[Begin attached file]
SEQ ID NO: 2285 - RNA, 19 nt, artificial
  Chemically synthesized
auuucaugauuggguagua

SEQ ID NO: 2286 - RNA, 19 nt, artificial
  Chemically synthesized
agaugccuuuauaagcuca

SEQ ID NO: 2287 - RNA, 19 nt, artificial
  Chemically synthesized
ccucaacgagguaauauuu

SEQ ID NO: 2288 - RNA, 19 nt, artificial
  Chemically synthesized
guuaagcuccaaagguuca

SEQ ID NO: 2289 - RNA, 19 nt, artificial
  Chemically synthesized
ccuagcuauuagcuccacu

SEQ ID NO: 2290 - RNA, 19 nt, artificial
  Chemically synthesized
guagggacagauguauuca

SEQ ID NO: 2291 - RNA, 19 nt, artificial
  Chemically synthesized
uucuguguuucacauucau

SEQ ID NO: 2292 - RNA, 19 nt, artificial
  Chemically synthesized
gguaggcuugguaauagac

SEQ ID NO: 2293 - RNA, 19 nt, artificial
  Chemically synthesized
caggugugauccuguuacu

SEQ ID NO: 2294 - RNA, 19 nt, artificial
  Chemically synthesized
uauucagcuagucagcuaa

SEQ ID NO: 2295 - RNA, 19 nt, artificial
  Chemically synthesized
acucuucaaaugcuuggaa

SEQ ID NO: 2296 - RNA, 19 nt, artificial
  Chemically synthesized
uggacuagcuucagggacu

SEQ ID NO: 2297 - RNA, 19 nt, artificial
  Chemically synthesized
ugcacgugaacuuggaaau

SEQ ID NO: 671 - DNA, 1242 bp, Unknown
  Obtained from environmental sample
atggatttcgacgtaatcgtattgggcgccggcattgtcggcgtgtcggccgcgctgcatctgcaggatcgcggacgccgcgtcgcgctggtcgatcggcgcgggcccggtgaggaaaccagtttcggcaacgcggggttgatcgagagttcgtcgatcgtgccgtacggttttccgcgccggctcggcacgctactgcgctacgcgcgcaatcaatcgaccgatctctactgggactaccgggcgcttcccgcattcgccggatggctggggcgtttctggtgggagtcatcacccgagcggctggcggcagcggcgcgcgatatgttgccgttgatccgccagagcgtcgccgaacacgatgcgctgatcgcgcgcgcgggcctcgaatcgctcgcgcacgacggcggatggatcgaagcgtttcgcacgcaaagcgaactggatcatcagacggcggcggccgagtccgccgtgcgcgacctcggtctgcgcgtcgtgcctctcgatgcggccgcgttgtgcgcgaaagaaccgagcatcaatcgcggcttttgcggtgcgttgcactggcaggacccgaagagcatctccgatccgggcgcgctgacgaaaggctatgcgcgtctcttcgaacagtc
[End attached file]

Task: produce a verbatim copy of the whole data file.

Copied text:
SEQ ID NO: 2285 - RNA, 19 nt, artificial
  Chemically synthesized
auuucaugauuggguagua

SEQ ID NO: 2286 - RNA, 19 nt, artificial
  Chemically synthesized
agaugccuuuauaagcuca

SEQ ID NO: 2287 - RNA, 19 nt, artificial
  Chemically synthesized
ccucaacgagguaauauuu

SEQ ID NO: 2288 - RNA, 19 nt, artificial
  Chemically synthesized
guuaagcuccaaagguuca

SEQ ID NO: 2289 - RNA, 19 nt, artificial
  Chemically synthesized
ccuagcuauuagcuccacu

SEQ ID NO: 2290 - RNA, 19 nt, artificial
  Chemically synthesized
guagggacagauguauuca

SEQ ID NO: 2291 - RNA, 19 nt, artificial
  Chemically synthesized
uucuguguuucacauucau

SEQ ID NO: 2292 - RNA, 19 nt, artificial
  Chemically synthesized
gguaggcuugguaauagac

SEQ ID NO: 2293 - RNA, 19 nt, artificial
  Chemically synthesized
caggugugauccuguuacu

SEQ ID NO: 2294 - RNA, 19 nt, artificial
  Chemically synthesized
uauucagcuagucagcuaa

SEQ ID NO: 2295 - RNA, 19 nt, artificial
  Chemically synthesized
acucuucaaaugcuuggaa

SEQ ID NO: 2296 - RNA, 19 nt, artificial
  Chemically synthesized
uggacuagcuucagggacu

SEQ ID NO: 2297 - RNA, 19 nt, artificial
  Chemically synthesized
ugcacgugaacuuggaaau

SEQ ID NO: 671 - DNA, 1242 bp, Unknown
  Obtained from environmental sample
atggatttcgacgtaatcgtattgggcgccggcattgtcggcgtgtcggccgcgctgcatctgcaggatcgcggacgccgcgtcgcgctggtcgatcggcgcgggcccggtgaggaaaccagtttcggcaacgcggggttgatcgagagttcgtcgatcgtgccgtacggttttccgcgccggctcggcacgctactgcgctacgcgcgcaatcaatcgaccgatctctactgggactaccgggcgcttcccgcattcgccggatggctggggcgtttctggtgggagtcatcacccgagcggctggcggcagcggcgcgcgatatgttgccgttgatccgccagagcgtcgccgaacacgatgcgctgatcgcgcgcgcgggcctcgaatcgctcgcgcacgacggcggatggatcgaagcgtttcgcacgcaaagcgaactggatcatcagacggcggcggccgagtccgccgtgcgcgacctcggtctgcgcgtcgtgcctctcgatgcggccgcgttgtgcgcgaaagaaccgagcatcaatcgcggcttttgcggtgcgttgcactggcaggacccgaagagcatctccgatccgggcgcgctgacgaaaggctatgcgcgtctcttcgaacagtc